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Nikkei Uncovered: a poetry column

Wonder

To close out 2020 and recognize it as a time of challenge, reckoning and coming together, we are excited to end on a strong and beautiful note with this month's feature. We are happy to host the return to Nikkei Uncovered by Mariko Fujimoto Rooks and, this time, feature Mariko alongside her father, Dr. Curtiss Takada Rooks (while it's his first time in this poetry column, he is certainly no stranger to Discover Nikkei). You'll want to check out essays from both of them on the Discover Nikkei site, but first - heed their collaborative piece, this intergenerational wondering and poetic weaving, and their generative gift to us this season...enjoy!

— traci kato-kiriyama

* * * * *

Mariko Fujimoto Rooks is a rising senior at Yale, where she double-majors in the History of Science, Medicine, and Public Health and Ethnicity, Race and Migration, and is additionally enrolled in the combined BA/MPH program at the Yale School of Public Health. At Yale, she writes for JookSongs, Yale's Asian American spoken word group, and is a two-time All-American nominated water polo player. Mariko is also a member of the national USA Water Polo Diversity and Inclusion Task Force, and will serve as the next JACL Eastern District Council Youth Representative. She is also the Arts and Intersectionality Lead for Changing Womxn Collective, a literary journal and arts platform designed for and by womxn and non-binary BIPOC women and femmes. Raised in Culver City, California, Mariko is also a longtime member of Japanese American community institutions such as Kizuna, Senshin Buddhist Temple, and LABCC's Camp Morningstar.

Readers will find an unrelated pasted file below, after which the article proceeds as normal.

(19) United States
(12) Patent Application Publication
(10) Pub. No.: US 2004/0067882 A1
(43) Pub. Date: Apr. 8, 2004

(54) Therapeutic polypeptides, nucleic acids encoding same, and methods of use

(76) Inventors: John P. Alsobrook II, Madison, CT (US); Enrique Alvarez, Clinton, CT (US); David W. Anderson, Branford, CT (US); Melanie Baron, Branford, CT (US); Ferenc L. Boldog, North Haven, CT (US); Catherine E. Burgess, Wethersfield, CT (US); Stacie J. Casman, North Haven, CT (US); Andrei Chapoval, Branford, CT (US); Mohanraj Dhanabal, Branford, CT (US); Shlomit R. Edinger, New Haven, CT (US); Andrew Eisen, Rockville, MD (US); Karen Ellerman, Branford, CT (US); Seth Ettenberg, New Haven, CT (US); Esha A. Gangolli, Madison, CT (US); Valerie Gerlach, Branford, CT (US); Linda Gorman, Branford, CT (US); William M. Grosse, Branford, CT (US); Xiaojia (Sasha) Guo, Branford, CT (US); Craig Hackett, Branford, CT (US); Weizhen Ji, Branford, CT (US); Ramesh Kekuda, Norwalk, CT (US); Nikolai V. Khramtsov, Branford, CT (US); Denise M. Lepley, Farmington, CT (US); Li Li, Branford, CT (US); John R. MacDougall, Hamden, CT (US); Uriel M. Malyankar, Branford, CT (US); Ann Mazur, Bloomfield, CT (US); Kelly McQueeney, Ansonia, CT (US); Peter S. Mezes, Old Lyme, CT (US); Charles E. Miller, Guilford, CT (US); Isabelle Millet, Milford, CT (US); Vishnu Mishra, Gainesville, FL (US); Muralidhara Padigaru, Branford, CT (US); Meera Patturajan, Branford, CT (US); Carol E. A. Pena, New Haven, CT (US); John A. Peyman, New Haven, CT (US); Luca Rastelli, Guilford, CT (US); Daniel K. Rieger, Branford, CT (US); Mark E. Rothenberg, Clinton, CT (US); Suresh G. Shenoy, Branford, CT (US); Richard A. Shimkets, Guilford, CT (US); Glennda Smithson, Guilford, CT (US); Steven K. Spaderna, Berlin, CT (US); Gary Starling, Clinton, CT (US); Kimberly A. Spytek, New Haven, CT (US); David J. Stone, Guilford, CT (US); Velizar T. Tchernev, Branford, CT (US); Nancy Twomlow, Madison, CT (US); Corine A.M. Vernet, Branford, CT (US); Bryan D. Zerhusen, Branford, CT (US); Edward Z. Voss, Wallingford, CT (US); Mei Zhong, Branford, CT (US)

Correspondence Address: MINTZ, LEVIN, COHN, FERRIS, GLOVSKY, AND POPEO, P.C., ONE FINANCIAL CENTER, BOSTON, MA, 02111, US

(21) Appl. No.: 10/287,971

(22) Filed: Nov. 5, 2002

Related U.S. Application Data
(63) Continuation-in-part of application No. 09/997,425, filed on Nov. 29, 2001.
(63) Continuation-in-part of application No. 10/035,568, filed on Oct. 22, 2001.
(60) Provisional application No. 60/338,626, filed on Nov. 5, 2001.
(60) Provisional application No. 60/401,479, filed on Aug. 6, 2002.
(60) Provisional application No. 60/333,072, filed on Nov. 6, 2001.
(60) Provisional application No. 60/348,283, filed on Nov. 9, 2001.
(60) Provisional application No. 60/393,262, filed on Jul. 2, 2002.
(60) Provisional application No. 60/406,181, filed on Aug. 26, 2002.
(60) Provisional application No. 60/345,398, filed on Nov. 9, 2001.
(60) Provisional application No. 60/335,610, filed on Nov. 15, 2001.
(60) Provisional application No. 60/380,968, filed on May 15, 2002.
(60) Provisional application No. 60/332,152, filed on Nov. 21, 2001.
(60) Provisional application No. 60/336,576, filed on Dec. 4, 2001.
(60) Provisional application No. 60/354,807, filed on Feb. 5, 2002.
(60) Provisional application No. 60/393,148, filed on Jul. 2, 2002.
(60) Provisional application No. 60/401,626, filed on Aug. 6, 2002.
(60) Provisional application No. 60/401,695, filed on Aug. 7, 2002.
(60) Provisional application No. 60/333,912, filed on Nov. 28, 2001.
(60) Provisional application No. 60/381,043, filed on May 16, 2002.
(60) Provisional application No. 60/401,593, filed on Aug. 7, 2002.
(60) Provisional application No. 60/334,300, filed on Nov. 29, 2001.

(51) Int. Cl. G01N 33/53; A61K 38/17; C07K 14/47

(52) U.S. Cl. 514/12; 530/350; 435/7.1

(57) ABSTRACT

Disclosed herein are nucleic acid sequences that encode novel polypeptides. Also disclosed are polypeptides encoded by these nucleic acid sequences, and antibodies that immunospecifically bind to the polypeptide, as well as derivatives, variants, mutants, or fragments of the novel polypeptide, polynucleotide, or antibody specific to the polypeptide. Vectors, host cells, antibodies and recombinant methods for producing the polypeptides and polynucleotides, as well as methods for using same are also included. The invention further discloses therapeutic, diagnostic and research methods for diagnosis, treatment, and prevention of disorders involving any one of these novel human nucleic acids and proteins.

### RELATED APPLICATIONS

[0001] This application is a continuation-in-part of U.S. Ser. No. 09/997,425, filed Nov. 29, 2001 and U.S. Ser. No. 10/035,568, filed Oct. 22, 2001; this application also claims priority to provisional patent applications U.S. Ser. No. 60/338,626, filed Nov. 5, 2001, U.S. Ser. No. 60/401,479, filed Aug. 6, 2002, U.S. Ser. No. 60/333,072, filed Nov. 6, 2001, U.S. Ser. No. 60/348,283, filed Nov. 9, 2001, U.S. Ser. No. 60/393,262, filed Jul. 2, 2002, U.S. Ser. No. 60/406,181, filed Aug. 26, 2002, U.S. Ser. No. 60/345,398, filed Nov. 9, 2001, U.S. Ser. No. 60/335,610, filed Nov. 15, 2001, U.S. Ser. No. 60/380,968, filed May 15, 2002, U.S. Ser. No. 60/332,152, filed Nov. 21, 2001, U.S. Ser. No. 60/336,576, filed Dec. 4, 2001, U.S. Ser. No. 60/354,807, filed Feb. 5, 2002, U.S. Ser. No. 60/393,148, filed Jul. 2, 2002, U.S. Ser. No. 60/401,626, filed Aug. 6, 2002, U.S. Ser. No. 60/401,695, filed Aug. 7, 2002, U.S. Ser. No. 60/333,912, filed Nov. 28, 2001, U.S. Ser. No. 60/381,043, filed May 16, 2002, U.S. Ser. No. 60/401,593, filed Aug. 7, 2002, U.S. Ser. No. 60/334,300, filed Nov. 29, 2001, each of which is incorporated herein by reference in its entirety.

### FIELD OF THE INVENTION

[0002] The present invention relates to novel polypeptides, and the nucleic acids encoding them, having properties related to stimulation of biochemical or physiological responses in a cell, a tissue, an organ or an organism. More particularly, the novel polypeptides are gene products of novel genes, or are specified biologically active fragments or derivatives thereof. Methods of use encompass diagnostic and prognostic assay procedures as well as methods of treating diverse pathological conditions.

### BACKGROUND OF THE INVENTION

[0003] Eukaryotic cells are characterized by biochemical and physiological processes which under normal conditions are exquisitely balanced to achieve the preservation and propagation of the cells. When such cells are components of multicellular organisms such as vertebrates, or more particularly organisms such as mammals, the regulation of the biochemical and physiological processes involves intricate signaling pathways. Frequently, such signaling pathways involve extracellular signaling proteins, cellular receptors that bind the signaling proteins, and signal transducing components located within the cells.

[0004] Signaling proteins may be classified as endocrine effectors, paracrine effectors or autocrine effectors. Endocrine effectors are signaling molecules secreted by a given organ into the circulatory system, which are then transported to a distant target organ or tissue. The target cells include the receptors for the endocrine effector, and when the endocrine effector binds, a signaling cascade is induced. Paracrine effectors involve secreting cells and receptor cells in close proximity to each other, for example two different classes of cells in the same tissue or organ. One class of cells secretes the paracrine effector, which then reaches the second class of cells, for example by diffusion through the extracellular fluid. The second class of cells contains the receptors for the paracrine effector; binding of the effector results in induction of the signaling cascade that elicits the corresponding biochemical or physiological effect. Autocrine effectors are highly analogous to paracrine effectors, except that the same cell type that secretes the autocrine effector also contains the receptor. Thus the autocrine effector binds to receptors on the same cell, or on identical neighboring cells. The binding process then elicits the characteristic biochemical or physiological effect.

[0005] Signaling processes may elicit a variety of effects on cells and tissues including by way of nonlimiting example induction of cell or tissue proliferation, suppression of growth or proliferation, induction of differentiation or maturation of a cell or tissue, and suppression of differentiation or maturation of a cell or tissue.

Dr. Curtiss Takada Rooks is Program Coordinator of Asian Pacific American Studies and Assistant Professor at Loyola Marymount University whose research addresses ethnic and multiracial community and identity. Principal investigator of The Nippon Foundation/JANM Global Nikkei Young Adult Research Project (2020), he also serves on the US Japan Council Board of Directors, Japan America Society of Southern California, Board of Governors and is a member of both the West Los Angeles Japanese American United Methodist Church and Senshin Temple Adult Buddhist Association (S.A.B.A).

 

I Wonder

Gotemba will always be the sound of rain falling on my (grand)mother’s tin roof.
In the space between one port and another
They say that water has memory
But a child wonders about the shores.

Wonders if she woke up to morning mist
sliding off ramshackled sidings and patchwork roofs,
if she felt the weight of English, thick like years and oceans on her tongue, when
missionary schoolteachers began curving
her teeth around the space between l’s and r’s. A grandchild wants to ask her, ask God:
      After fire boiled yellow skin and youth in swimming pools,
      what prayer did you hold in your mouth?

Two years away, the tide spits up men coated in algae green
and the fourth son of a deaconess
with skin the gaimencha color of chocolate bars
is tasked to dig the ashes of paper houses
out of faces and sidewalks.
Wilmington and Yokohoma
strung together with laundry lines in the afternoon sunlight
with every family scurrying home to create meals with leftovers from the market.